Comforting measures including plenty of clear fluids and electrolytes, light food, light clothing, a damp compress on the forehead or back of the neck, and lots of love from mum will be effective in supporting the body’s innate healing mechanisms. However, if your child’s fever rises quickly, they are extremely pale or have skin rashes, complaining of pain, are profusely vomiting or suffering diarrhoea, are not improving in 48 hours, or any other symptoms that are causing concern then they should be immediately seen to by a doctor.
5. Address food sensitivities
Food allergies and sensitivities are definitely on the rise among children today, and can cause issues outside of the directly related symptoms that they are experiencing. If a child is consistently exposed to a food or substance that causes irritation and reactivity, then not only will their gut function and intestinal membrane become impaired, which we know to result in decreased immune function, but also their immune system is constantly reacting, essentially leaving it with less capacity to fight bacteria and viruses that come along. While the effect on the immune system can't exactly be measured, we can look at a markers such as secretory IgA through a comprehensive stool analysis, which can give insight into our gut based immune function.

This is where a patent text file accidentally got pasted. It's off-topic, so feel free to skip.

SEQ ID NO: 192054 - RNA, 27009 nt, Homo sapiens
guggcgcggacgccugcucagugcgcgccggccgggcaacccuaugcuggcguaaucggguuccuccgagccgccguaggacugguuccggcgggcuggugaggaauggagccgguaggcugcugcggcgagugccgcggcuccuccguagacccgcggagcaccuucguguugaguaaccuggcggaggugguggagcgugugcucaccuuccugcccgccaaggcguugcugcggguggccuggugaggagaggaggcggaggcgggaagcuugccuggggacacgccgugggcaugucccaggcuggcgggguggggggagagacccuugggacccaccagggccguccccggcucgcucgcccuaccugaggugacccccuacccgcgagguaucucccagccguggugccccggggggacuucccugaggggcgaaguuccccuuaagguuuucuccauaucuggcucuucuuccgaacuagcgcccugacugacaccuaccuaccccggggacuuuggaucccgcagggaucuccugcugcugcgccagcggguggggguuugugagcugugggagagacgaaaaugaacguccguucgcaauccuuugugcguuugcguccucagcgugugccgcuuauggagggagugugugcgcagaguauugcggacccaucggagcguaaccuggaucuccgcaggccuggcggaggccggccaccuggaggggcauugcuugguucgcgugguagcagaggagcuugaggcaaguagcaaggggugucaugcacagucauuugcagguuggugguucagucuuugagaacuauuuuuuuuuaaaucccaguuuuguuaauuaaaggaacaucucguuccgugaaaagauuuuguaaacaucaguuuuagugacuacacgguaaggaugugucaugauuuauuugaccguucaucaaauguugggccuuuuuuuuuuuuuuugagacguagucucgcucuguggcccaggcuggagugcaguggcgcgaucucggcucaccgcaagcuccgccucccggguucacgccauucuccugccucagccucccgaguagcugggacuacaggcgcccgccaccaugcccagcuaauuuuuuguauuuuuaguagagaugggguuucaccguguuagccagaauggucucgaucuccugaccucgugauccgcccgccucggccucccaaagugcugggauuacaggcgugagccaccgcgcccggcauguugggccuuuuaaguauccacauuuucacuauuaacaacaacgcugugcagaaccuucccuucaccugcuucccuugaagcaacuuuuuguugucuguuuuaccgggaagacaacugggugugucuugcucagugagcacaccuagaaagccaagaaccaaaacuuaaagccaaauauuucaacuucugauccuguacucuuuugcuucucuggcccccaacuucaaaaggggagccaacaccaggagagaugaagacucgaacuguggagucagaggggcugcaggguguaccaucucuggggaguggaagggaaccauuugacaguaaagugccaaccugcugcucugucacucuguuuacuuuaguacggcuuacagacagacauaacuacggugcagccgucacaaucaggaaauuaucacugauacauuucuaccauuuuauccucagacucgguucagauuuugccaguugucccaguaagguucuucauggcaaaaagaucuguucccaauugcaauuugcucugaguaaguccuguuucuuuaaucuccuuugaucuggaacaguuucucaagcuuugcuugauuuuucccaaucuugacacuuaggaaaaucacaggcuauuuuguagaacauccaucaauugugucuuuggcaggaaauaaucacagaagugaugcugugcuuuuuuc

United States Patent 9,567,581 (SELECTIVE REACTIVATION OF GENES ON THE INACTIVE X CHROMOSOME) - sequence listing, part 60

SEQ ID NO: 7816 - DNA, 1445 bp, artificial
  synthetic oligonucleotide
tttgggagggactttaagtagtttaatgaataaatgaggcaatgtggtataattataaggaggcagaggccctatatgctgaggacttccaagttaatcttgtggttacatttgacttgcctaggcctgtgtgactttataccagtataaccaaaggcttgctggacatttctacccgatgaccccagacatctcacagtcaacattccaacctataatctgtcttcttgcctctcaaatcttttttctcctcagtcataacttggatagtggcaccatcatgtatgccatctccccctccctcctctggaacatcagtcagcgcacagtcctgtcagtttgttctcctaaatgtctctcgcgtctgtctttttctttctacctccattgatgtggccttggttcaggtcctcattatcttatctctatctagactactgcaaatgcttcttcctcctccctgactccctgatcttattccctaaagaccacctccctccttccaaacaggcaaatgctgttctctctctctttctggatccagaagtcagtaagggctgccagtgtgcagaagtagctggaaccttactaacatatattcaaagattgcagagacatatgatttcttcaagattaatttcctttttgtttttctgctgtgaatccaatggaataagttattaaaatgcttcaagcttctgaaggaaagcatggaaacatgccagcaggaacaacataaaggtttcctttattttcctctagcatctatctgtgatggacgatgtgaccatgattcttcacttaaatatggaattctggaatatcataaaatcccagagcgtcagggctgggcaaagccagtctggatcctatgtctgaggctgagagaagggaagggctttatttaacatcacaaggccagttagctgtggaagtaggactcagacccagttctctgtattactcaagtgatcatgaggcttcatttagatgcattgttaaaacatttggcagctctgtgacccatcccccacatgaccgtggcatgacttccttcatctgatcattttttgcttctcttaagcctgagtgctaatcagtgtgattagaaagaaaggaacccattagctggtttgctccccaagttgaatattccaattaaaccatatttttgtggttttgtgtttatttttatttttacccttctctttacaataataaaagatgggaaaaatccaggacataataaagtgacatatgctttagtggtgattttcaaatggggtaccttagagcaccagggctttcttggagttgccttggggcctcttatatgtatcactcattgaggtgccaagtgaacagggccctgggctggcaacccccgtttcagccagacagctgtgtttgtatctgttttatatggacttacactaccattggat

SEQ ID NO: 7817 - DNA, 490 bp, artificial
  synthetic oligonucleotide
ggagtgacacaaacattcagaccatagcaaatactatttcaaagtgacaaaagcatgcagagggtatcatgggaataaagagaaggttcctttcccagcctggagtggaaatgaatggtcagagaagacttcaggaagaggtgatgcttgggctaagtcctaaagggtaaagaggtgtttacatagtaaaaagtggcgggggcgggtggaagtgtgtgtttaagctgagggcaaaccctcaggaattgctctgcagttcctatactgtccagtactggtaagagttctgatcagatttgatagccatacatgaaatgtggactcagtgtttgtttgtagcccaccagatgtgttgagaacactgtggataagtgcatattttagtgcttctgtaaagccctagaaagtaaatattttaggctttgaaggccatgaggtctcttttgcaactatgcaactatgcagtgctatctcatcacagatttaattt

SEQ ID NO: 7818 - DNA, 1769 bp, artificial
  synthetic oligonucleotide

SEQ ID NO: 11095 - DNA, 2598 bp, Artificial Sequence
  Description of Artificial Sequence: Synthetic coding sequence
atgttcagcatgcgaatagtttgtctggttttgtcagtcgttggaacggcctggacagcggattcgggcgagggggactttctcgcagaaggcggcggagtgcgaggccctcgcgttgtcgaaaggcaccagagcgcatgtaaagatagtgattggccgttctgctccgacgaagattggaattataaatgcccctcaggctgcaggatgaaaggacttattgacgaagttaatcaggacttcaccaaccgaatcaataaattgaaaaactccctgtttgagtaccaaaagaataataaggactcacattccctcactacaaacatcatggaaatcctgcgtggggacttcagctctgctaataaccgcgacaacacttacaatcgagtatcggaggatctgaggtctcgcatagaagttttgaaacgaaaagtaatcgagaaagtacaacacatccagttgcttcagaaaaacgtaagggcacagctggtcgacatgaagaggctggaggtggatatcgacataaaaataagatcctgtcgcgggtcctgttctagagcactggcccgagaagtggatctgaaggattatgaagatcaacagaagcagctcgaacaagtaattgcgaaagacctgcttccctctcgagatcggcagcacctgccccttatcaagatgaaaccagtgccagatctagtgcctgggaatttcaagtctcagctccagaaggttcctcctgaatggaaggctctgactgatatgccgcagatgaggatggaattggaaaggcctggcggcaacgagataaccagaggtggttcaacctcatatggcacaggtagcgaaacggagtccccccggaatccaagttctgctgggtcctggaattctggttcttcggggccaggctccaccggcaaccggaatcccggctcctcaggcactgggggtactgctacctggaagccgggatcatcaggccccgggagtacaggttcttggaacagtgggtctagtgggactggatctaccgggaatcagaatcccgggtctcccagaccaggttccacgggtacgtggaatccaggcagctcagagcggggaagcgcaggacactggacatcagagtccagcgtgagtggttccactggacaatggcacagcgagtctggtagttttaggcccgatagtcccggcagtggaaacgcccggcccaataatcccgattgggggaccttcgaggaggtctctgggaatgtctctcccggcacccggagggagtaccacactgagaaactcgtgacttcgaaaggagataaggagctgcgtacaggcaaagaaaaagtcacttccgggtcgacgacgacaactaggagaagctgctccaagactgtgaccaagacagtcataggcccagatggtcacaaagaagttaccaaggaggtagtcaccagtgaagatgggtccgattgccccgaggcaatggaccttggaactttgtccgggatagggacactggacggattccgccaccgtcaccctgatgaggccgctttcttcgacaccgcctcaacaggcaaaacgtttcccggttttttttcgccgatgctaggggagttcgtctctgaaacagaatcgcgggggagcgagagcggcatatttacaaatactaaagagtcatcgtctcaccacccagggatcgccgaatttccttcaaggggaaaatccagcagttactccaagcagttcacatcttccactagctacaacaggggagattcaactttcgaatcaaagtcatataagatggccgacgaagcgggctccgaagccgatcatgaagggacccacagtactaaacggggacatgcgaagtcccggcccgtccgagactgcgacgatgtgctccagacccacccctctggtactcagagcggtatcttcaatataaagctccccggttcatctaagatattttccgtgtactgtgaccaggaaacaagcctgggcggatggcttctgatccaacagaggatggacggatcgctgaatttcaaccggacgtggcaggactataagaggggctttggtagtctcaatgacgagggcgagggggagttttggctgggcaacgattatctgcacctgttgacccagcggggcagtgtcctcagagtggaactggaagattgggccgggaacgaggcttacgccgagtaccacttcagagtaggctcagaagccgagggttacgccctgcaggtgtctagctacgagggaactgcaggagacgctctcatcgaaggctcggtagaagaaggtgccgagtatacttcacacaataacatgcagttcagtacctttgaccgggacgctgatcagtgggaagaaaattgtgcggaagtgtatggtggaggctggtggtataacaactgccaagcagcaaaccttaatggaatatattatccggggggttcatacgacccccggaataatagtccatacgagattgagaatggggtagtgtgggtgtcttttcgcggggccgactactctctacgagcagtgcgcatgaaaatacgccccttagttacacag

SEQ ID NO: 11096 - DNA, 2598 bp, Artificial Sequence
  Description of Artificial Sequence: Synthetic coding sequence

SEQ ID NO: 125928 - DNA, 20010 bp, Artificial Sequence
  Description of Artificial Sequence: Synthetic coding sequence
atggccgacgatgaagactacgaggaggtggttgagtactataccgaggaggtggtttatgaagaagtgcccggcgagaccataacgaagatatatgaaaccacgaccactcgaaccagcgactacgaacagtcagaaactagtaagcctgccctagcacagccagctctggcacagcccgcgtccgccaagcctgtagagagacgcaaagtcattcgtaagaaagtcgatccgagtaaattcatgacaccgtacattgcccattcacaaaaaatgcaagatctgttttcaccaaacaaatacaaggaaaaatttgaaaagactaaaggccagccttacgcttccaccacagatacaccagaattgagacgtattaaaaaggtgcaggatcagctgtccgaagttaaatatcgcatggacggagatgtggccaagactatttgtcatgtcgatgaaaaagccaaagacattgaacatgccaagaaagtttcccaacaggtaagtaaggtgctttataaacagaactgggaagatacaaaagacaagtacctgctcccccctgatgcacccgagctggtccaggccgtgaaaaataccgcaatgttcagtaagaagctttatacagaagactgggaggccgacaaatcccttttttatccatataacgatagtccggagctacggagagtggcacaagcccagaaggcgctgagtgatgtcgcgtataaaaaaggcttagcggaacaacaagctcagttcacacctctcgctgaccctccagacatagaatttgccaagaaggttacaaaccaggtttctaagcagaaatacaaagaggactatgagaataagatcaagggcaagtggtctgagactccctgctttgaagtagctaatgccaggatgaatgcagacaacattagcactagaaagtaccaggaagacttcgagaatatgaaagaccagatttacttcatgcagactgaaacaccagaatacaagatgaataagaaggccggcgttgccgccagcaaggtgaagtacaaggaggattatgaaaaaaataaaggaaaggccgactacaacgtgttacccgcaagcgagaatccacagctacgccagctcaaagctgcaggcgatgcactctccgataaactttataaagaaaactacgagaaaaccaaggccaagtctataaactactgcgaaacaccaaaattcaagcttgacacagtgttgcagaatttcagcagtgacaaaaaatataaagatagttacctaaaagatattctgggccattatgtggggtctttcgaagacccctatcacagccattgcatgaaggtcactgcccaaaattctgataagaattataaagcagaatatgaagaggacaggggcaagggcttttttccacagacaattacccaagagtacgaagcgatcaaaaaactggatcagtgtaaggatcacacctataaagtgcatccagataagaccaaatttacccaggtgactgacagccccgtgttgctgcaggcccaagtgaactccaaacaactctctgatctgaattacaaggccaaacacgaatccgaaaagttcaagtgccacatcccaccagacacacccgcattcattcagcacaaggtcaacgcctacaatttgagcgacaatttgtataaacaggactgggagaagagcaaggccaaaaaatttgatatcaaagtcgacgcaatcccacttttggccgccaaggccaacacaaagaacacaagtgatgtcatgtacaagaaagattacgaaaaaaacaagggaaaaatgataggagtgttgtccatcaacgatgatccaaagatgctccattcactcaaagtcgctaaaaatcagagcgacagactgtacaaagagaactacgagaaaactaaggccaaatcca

Unlike food allergies, which tend to be immediately apparent, food sensitivities can develop over time, and also have a cumulative effect – what may be ok to eat one day, could be incredibly reactive the next.
I could go on forever (or at least a really long time!) about all of the factors that contribute to our health and the function of our immune system. Some key things to consider include:
- nutrient deficiencies
- sleep quality (and amount)
- time spent outdoors (we want more of this!)
- past illness and infections
While looking at all the factors may feel overwhelming, it can also be empowering because there are SO many that are modifiable and many gentle, yet effective remedies that can be employed (food, herbal medicine, supplementation etc).
Have you been on the merry-go-round of sickness? Our expert team can support you to hop off and provide you the tools to support the whole family when illness strikes again. Book online HERE